• Anticoagulants—for thromboembolic complications. Heparin IV bolus of 80 units/kg followed by infusion of 18 units/kg/hour
  • Oxygen—2 to 4 L per minute by nasal cannula
  • Angiotensin-converting enzyme (ACE) inhibitors—reduce ventricular dilation and remodeling; monitor renal function and hypotension. Captopril 6.25 mg orally, titrate to 25 to 50 mg orally tid over 24 to 48 hours.
  • Beta-blockers—reduce cardiac rupture, reinfarction, ventricular fibrillation. Metoprolol 5 mg, repeated every five minutes to a total of 15 mg, then switch to oral metoprolol or atenolol

Complementary and Alternative Therapies

Alternative therapies are most appropriate to prevent the first MI, minimize damage from an MI, and reduce the risk of a future MI, once the patient has been properly diagnosed and stabilized. There are no substitutes for immediate and appropriate medical care with a presentation of chest pain and/or suspected MI. See related subjects under angina, hypertension, and atherosclerosis.

  • L-carnitine (9 g/day IV for five days, then 6 g/day orally for 12 months) was studied within 24 hours of onset of chest pain and was found to decrease left ventricular dilation.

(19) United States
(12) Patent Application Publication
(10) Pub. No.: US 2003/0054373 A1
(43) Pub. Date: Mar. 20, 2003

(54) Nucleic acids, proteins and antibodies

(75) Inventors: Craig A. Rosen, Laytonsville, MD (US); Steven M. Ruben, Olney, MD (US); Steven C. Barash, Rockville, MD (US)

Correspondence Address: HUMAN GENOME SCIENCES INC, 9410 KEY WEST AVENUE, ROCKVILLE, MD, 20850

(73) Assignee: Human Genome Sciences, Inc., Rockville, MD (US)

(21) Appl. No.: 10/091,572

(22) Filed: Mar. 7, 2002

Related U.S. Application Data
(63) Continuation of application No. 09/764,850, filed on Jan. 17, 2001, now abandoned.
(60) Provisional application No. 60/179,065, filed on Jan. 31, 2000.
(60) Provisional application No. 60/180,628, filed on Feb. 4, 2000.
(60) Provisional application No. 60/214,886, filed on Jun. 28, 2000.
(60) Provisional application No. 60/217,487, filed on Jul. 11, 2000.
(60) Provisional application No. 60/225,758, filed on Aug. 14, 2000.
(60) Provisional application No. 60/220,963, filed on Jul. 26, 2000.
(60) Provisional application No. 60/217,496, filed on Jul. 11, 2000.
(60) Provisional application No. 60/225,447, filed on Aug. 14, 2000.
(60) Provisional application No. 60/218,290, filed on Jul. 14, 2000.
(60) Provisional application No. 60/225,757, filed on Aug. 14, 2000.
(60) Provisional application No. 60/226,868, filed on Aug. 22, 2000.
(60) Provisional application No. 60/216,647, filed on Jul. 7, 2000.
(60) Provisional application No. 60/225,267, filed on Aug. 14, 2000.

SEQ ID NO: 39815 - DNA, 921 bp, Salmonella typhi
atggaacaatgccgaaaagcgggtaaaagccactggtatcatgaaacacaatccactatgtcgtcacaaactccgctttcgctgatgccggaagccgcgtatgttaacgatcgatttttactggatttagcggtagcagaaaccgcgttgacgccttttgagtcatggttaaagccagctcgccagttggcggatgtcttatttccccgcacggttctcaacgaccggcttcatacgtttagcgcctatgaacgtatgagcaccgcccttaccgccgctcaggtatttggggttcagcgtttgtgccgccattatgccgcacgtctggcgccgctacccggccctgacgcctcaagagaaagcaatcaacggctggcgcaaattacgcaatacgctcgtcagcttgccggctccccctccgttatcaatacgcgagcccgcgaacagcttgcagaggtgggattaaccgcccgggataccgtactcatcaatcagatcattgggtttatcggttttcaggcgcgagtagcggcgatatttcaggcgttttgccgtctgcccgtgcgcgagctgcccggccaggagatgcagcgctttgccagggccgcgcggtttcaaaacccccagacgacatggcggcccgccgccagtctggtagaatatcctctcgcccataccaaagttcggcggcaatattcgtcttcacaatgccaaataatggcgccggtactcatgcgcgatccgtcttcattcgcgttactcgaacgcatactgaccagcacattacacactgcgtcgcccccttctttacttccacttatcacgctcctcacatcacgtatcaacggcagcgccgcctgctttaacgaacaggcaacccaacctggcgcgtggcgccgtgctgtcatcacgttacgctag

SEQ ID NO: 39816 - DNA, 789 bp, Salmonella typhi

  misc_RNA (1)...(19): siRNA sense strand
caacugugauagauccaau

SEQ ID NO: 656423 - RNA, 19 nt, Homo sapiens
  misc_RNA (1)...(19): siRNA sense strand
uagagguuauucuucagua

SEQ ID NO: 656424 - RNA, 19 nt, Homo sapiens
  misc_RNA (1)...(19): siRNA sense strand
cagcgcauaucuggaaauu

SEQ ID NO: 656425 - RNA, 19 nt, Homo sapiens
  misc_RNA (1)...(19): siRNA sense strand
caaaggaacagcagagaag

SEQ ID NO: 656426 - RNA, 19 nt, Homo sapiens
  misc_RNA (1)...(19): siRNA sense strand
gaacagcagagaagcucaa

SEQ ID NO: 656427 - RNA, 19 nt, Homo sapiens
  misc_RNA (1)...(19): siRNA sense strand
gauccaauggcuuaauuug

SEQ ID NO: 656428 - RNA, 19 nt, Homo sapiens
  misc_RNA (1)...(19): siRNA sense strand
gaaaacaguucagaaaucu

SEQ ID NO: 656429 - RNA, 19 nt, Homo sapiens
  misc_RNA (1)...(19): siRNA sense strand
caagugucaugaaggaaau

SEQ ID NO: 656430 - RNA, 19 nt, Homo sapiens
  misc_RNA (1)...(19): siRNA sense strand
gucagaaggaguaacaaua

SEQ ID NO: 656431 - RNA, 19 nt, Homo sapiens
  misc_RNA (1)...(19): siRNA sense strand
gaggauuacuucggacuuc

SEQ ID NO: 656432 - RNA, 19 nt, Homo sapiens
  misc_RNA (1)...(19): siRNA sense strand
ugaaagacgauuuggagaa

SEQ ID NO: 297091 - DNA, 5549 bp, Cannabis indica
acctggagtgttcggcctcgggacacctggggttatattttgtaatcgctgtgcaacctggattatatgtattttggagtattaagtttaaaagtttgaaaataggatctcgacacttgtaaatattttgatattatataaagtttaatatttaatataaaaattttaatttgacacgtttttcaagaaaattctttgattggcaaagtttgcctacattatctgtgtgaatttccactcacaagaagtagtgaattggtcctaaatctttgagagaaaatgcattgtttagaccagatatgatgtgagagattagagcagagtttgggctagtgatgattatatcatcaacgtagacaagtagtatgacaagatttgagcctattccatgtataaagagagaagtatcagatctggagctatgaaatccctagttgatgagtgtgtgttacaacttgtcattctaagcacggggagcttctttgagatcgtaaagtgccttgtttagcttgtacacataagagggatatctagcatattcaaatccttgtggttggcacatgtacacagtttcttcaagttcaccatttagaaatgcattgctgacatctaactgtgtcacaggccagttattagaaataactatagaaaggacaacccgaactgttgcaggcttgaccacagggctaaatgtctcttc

• Diet: In another study, a diet high in antioxidants (vitamin C, vitamin E, and beta-carotene), soluble dietary fiber, and one that replaces fat with oils showed reduced plasma lipid peroxide and lactate dehydrogenase cardiac enzyme levels. This may reduce myocardial necrosis and reperfusion injury.
  • Bromelain (400 to 800 mg/day) has been used for thrombolysis and may help dissolve plaque.


Herbs should not be used in lieu of immediate medical attention. Herbs can be used as general heart tonics and specifically applied to treating conditions associated with MI, such as atherosclerosis, congestive heart failure, hypercholesterolemia, hypertension, and hypertriglyceridemia.


Homeopathy should not be used in lieu of immediate medical attention. An experienced homeopath should assess individual constitutional types and severity of disease to select the correct remedy and potency of heart tonics.

Physical Medicine

Beneficial for rehabilitation.


Useful for pain and rehabilitation.


Beneficial for rehabilitation.

Patient Monitoring


  • Electrocardiogram—2- to 3-lead bedside
  • Cardiac rate and rhythm
  • Look for complications

Other Considerations

Regular exercise, stress reduction, weight management, and avoidance or management of risk factors



  • Sinus bradycardia
  • Ventricular or sinus tachycardia
  • Atrial fibrillation


  • Rupture of free wall, interventricular septum, or papillary muscle
  • Mitral regurgitation